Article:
Wireless b'band speed: TRAI invites transparency & customer awareness ideas


NEW DELHI: The Telecom Regulatory Authority of India wants stakeholders to give their views on ensuring transparency and customer awareness regarding data speeds under wireless broadband plans and has suggested various tools that may be deployed for measuring data speeds

In a Consultation Paper on ‘Data Speed under Wireless Broadband Plans’, the Authority has asked stakeholders to respond to nine questions raised by it by 20 June with counter-comments if any by 13 July.

At the outset, it says the National Telecom Policy of 2012 (NTP-2012) has the vision of Broadband on Demand and envisages leveraging telecom infrastructure to enable all citizens and businesses, both in rural and urban areas, to participate in the Internet and web economy thereby ensuring equitable and inclusive development across the nation. It provides the enabling framework for enhancing India’s competitiveness in all spheres of the economy

Wireless access networks are the main source of delivering broadband in the country. Global mobile subscriptions are growing around 5 percent year-on-year. According to the Ericsson’s mobility report, India grew the most in terms of net additions during the third quarter of 2016 by adding 15 million connections. These figures have increased substantially in the last few quarters. Out of the total 236.09 million broadband subscribers in the country as of 31st December 2016 approximately 92.32% - 217.95 million subscribers - are through wireless access.

According to a GSMA report titled ‘The Mobile Economy, India 2016’, at the end of June 2016, 616 million unique users subscribed to mobile services in India, making it the second largest mobile market in the world. Almost half the country’s population now subscribes to a mobile service. The report suggests that improving affordability; falling device prices and better network coverage aided by operator investment will help deliver over 330 million new unique subscribers by 2020, taking the penetration rate to 68%. It further adds that as more users migrate to high-speed broadband, mobile data traffic is expected to grow 12-fold between 2015 and 2020, at a CAGR of 63%.

Data usage by GSM users has already shown an unprecedented growth in the recent months from an average usage of 236MB per month in September, 2016 to 884 MB per month in December 2016.

Along with this, the composition of revenues earned by operators is also changing. Mobile operators in India have so far reported limited revenue contribution from data services, generating 17% of service revenues at the end of 2015. This is forecast to increase to 23% by 2020.

The Broadband Policy of 2004 defined broadband as “An ‘always-on’ data connection that is able to support interactive services including Internet access and has the capability of the minimum download speed of 256 kilo bits per second (kbps) to an individual subscriber from the Point of Presence (POP) of the service provider intending to provide broadband service where multiple such individual broadband connections are aggregated and the subscriber is able to access these interactive services including the Internet through this POP. The interactive services will exclude any services for which a separate license is specifically required, for example, real-time voice transmission, except to the extent that it is presently permitted under ISP license with Internet Telephony”.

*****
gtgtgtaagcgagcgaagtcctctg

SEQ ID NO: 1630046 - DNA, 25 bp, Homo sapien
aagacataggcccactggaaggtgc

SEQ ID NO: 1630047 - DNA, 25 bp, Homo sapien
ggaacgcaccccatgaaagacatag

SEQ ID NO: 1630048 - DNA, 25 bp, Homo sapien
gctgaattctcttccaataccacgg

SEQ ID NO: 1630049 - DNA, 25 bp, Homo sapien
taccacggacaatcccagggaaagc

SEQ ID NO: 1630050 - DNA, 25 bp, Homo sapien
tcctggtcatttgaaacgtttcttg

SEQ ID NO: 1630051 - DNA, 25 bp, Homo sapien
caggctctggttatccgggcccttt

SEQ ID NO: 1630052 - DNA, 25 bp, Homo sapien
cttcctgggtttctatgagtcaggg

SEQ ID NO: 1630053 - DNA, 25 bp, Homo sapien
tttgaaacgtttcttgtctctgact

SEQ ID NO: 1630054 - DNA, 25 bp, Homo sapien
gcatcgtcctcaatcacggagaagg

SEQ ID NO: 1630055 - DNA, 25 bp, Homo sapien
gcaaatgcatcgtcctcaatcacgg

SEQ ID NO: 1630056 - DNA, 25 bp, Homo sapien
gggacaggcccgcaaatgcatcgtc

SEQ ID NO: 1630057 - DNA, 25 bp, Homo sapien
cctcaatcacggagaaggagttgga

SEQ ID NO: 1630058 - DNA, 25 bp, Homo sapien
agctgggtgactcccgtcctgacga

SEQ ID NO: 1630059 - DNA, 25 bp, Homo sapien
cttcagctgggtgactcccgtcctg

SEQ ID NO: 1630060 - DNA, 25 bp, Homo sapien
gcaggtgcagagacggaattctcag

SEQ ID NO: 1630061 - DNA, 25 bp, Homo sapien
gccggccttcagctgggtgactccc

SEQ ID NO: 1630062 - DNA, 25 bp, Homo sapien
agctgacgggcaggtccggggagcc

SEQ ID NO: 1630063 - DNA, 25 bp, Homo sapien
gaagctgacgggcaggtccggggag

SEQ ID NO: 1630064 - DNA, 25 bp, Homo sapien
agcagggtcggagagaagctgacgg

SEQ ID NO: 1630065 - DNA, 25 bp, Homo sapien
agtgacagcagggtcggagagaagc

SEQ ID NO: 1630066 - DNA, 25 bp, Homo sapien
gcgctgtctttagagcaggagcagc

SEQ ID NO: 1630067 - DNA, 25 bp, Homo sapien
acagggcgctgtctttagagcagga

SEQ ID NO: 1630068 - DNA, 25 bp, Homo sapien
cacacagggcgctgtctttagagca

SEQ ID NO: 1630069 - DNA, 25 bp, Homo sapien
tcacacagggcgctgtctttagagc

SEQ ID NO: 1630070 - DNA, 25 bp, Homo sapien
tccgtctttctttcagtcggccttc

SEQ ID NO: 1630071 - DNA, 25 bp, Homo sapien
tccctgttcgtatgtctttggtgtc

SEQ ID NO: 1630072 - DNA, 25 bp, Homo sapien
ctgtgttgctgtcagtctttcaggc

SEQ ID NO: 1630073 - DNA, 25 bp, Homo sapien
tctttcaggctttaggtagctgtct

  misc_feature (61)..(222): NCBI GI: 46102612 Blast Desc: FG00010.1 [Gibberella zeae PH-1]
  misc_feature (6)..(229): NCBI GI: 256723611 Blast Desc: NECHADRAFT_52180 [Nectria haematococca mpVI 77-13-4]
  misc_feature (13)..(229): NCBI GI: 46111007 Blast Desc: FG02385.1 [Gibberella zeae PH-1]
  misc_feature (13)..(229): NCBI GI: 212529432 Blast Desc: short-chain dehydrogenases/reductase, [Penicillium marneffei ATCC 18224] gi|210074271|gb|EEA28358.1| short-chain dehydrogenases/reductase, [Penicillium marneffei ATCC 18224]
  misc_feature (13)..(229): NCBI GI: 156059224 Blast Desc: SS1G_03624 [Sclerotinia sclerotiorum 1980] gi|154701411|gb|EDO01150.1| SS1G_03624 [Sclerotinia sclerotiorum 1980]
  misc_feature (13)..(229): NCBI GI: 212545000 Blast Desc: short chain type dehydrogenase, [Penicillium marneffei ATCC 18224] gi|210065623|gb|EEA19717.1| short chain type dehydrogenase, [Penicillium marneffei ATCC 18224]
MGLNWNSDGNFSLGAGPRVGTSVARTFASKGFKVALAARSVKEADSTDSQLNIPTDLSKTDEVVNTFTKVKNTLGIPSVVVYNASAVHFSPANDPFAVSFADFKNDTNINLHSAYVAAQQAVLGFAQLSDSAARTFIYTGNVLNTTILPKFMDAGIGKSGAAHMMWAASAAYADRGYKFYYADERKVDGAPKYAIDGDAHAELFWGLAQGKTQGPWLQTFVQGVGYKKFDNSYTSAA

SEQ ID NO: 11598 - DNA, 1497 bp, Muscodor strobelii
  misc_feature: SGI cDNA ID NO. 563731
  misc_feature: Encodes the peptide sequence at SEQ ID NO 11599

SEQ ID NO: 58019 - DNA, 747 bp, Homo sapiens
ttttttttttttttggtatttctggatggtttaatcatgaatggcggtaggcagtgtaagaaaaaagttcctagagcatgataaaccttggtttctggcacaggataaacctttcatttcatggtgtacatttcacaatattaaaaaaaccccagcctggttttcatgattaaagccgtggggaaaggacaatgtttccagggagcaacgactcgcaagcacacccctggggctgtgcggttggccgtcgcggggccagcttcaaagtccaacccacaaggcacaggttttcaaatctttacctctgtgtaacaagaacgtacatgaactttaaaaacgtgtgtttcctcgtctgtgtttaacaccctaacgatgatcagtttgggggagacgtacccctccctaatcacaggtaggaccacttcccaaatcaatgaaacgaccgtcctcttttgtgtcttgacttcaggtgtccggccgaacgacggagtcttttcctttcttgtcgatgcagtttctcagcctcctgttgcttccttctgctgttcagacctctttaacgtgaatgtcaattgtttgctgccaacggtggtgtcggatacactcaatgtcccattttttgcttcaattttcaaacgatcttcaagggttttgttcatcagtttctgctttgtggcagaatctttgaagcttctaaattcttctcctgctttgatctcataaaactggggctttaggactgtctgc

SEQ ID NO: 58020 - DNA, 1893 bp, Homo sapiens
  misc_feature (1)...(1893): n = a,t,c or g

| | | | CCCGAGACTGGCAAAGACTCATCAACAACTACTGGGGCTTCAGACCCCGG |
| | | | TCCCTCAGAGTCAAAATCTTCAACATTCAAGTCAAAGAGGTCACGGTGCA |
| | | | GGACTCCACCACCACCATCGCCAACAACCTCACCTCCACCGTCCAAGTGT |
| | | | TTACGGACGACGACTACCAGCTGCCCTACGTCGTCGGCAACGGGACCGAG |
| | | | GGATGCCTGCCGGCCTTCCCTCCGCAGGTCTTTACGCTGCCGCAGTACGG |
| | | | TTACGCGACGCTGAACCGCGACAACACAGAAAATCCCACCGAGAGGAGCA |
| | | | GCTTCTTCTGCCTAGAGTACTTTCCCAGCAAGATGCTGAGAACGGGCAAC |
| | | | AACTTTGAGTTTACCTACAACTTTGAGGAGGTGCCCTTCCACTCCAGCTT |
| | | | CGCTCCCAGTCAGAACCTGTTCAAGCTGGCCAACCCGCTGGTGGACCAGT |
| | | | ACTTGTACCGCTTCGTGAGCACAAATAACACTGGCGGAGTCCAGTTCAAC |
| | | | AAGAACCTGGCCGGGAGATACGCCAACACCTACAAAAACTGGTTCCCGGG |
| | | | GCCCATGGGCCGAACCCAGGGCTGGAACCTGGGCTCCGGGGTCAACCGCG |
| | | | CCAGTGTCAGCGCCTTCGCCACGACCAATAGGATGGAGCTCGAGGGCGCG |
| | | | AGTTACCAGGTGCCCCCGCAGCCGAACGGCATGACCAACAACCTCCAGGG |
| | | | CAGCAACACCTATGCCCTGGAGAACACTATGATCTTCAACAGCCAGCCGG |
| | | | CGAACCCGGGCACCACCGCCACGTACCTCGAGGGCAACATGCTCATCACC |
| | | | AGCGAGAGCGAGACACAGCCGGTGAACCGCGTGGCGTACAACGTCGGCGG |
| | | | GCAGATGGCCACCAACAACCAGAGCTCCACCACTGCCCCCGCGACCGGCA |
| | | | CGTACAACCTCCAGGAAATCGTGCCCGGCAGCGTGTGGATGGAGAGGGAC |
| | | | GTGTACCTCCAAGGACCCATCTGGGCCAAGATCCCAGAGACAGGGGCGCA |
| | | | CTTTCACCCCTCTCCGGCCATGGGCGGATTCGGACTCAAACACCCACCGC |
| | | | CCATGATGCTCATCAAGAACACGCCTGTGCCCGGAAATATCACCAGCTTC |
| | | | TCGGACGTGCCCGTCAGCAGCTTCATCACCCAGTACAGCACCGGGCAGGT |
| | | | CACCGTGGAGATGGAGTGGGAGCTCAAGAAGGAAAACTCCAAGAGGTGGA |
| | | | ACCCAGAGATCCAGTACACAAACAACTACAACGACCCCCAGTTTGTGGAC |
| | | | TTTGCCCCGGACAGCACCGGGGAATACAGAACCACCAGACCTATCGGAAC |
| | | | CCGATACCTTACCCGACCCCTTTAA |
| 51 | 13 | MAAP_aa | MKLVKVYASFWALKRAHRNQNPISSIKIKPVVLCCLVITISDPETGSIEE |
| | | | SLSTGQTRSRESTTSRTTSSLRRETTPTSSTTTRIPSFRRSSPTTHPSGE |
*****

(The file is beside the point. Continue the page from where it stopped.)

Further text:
The questions raised in the paper, which discusses the various initiatives that have been taken by the Authority in relation to broadband speeds in India and their current status and provides a summary of the international experience on similar issues, are:

Q1: Is the information on wireless broadband speeds currently being made available to consumers is transparent enough for making informed choices? Q2: If it is difficult to commit a minimum download speed, then could average speed be specified by the service providers? What should be the parameters for calculating average speed?

Q3: What changes can be brought about to the existing framework on wireless broadband tariff plans to encourage better transparency and comparison between plans offered by different service providers? Q4: Is there a need to include/delete any of the QoS parameters and/or revise any of the benchmarks currently stipulated in the Regulations?

Q5: Should disclosure of average network performance over a period of time or at peak times including through broadband facts/labels be made mandatory? Q6: Should standard application/ websites be identified for mandating comparable disclosures about network speeds?

Q7: What are the products/technologies that can be used to measure actual end-user experience on mobile broadband networks? At what level should the measurements take place (e.g., on the 26 device, network node)? Q8: Are there any legal, security, privacy or data sensitivity issues with collecting device level data?

a) If so, how can these issues be addressed? b) Do these issues create a challenge for the adoption of any measurement tools?

Q9: What measures can be taken to increase awareness among consumers about wireless broadband speeds, availability of various technological tools to monitor them and any potential concerns that may arise in the process?

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